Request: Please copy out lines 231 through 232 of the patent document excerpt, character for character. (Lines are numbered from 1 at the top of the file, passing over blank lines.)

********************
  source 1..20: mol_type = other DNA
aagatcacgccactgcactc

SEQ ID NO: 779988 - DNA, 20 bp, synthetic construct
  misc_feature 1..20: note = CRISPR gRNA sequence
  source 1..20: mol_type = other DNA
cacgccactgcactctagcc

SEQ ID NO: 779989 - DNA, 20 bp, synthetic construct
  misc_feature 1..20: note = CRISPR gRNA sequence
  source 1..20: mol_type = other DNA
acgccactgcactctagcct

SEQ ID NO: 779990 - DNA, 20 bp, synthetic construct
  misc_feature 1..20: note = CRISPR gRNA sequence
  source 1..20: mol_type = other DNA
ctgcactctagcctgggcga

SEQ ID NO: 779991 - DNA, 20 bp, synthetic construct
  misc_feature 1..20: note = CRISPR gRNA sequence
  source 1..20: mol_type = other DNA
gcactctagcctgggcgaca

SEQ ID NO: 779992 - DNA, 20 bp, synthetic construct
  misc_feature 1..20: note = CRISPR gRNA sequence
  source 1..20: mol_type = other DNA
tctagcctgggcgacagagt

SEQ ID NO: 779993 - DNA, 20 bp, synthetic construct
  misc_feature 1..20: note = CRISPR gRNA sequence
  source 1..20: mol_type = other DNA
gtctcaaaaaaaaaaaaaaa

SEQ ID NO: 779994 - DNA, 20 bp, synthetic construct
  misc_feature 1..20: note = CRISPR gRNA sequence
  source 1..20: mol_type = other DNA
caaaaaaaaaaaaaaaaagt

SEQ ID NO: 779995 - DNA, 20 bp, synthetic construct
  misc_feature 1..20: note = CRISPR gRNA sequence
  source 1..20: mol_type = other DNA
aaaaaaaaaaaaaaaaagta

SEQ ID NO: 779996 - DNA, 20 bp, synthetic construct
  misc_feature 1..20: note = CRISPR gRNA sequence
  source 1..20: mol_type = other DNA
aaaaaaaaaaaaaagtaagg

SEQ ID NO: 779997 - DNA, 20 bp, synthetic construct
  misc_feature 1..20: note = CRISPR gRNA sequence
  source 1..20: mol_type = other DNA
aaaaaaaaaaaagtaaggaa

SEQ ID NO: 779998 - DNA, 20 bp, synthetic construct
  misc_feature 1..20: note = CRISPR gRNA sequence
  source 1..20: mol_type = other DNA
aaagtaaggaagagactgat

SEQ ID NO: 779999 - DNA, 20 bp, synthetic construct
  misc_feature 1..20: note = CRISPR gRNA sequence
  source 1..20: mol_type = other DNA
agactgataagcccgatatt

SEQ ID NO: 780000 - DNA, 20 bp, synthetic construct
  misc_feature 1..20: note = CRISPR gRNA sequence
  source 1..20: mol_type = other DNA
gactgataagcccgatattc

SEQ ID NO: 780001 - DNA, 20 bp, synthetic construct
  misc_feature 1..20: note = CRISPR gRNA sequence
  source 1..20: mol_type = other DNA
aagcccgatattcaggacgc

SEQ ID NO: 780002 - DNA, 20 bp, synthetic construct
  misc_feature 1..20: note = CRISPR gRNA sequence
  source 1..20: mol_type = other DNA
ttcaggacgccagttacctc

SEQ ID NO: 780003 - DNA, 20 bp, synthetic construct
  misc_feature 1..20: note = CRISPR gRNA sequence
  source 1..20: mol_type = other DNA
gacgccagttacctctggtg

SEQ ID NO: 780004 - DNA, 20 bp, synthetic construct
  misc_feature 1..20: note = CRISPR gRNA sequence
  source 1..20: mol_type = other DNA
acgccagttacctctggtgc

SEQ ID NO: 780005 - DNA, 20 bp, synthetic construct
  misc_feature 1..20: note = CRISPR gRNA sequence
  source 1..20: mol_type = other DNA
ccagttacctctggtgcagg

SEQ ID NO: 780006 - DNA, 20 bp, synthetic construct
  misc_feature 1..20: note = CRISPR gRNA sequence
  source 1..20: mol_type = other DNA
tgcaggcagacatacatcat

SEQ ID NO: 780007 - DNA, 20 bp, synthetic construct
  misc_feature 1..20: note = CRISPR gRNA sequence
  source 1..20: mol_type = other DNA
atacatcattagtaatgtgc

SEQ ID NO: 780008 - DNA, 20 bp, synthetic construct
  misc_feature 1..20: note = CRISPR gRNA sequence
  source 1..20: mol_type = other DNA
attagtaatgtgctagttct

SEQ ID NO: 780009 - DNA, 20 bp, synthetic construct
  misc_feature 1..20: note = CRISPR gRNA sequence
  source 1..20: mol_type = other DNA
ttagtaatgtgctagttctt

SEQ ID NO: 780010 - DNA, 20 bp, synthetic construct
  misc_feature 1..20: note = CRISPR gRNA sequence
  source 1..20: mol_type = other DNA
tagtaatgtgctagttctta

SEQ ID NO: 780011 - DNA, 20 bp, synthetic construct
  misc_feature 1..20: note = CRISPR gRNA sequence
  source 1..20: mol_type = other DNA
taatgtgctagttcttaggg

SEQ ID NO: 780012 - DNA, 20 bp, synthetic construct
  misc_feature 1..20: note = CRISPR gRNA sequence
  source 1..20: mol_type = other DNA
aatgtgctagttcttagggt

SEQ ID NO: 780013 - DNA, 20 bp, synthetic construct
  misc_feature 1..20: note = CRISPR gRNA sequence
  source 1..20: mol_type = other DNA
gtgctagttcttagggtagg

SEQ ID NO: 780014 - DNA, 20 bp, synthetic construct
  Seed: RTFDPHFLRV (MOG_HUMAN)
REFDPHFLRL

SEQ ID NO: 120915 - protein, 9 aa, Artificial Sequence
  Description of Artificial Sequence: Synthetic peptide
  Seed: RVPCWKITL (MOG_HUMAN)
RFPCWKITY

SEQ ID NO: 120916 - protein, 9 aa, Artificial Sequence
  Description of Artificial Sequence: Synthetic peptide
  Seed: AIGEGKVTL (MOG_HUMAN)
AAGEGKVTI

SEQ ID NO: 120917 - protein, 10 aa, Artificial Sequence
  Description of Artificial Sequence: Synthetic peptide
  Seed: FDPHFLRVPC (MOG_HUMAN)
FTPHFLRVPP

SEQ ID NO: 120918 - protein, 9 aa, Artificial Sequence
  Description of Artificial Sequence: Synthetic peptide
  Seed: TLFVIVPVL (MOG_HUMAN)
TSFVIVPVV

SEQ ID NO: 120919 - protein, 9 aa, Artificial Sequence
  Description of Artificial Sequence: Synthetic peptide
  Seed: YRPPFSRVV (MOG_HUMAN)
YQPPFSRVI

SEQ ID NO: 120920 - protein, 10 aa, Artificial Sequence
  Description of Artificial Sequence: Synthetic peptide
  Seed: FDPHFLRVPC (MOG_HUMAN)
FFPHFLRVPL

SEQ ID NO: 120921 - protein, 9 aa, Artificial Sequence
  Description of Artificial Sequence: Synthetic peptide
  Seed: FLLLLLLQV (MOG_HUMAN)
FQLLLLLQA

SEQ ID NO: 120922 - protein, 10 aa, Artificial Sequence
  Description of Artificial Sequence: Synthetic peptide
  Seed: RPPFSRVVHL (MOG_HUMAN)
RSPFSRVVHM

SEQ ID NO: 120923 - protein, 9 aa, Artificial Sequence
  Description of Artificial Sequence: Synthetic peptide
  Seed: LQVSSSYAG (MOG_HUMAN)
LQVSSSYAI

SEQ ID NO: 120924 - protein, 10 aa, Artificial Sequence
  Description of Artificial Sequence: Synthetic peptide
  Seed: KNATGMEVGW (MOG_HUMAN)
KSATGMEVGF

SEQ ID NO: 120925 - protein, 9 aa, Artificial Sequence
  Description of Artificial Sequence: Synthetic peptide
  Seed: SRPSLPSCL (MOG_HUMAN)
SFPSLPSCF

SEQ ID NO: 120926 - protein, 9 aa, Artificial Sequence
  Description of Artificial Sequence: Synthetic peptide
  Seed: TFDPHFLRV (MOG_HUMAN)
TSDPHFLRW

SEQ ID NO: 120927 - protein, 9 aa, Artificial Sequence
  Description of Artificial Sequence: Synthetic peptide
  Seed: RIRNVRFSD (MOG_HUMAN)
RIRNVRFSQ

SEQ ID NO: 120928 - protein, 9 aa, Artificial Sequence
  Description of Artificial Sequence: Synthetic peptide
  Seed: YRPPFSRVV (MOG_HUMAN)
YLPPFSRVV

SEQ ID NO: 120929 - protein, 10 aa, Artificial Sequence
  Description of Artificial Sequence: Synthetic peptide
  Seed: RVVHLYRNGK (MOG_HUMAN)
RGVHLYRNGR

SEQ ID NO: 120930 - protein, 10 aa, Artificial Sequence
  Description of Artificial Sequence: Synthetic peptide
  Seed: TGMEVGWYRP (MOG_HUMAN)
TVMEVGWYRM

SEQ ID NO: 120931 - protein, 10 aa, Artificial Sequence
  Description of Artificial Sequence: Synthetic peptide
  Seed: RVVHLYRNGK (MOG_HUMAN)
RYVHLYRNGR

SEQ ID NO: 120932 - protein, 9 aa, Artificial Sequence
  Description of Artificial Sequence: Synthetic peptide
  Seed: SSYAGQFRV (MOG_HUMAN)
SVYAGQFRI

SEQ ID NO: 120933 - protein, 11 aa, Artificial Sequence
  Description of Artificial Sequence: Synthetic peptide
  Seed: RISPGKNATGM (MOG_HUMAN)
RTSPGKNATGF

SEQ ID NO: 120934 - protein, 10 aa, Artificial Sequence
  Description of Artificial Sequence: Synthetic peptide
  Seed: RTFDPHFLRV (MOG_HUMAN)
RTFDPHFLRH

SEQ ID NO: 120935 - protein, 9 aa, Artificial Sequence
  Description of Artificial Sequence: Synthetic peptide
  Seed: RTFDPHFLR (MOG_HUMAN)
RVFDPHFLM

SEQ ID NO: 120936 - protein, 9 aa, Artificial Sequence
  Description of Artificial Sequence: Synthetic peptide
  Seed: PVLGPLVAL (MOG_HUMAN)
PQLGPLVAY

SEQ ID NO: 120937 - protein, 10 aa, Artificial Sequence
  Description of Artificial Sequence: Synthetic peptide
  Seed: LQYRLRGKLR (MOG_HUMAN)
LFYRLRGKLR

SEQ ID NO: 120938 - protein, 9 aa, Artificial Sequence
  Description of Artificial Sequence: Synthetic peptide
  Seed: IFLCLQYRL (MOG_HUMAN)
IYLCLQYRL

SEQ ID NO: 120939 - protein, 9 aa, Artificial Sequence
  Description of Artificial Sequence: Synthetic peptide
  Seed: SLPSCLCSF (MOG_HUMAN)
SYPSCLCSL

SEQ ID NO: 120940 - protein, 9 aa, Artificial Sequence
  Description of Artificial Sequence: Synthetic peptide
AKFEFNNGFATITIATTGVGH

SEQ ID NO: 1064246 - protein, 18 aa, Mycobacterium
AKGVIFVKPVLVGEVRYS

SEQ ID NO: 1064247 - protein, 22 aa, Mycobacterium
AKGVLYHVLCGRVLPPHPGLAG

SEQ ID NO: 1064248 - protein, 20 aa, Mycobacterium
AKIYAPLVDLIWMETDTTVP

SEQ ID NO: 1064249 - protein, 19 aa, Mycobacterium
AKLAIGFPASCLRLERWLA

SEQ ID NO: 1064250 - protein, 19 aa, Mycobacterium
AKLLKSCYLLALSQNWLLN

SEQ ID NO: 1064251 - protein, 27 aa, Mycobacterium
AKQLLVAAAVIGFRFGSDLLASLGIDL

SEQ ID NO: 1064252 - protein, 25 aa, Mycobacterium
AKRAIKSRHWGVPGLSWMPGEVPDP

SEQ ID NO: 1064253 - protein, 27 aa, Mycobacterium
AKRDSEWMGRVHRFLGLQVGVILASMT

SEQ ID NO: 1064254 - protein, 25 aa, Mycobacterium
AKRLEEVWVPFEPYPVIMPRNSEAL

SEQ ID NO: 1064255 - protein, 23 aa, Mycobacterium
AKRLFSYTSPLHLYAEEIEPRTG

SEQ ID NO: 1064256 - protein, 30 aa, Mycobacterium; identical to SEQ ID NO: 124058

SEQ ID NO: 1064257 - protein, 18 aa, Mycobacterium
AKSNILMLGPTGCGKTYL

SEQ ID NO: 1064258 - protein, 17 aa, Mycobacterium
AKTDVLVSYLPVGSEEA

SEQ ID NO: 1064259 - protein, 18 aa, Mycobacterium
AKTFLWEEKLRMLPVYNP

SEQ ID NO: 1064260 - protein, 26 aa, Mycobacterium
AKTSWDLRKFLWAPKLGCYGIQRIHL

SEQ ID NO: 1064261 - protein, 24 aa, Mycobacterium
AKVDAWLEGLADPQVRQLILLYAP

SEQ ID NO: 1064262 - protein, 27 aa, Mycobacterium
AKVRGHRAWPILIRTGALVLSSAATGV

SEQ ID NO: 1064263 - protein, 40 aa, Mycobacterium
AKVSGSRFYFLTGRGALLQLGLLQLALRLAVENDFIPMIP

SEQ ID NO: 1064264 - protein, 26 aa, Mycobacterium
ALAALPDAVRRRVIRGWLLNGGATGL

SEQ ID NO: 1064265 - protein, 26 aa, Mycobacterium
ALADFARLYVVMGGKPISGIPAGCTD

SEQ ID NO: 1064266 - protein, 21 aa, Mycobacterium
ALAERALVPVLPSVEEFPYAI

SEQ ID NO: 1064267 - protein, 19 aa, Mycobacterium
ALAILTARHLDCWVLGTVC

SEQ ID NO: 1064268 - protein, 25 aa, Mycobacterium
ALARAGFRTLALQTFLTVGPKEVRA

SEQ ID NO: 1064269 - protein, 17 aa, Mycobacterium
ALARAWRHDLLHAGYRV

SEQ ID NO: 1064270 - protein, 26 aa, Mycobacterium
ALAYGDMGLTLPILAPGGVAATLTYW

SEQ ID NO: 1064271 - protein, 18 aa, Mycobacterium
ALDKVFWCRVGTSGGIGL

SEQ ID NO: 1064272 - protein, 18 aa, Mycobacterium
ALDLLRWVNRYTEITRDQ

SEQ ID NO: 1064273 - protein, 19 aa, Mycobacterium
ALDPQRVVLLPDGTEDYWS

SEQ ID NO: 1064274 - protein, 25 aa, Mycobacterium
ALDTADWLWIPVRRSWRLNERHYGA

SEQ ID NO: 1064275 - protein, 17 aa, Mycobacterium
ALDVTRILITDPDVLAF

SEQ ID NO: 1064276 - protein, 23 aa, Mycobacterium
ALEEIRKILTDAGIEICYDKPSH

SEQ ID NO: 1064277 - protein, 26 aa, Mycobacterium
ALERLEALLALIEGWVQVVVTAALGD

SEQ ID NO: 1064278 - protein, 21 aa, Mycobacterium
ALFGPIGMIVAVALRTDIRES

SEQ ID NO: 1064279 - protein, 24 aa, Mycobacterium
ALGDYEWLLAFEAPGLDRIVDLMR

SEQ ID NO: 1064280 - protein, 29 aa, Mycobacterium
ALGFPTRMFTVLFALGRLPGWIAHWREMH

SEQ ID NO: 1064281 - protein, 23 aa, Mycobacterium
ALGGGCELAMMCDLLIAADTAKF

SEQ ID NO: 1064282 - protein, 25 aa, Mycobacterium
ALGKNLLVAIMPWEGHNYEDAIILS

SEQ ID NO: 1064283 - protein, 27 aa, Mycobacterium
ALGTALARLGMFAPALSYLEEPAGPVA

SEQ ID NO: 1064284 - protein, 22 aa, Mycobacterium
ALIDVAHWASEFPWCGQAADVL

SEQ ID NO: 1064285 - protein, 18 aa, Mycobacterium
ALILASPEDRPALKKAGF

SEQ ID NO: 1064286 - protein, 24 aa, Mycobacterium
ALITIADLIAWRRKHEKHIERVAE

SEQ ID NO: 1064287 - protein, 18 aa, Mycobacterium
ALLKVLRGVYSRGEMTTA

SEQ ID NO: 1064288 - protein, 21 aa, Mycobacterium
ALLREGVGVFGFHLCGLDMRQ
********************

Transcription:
SEQ ID NO: 1064255 - protein, 23 aa, Mycobacterium
AKRLFSYTSPLHLYAEEIEPRTG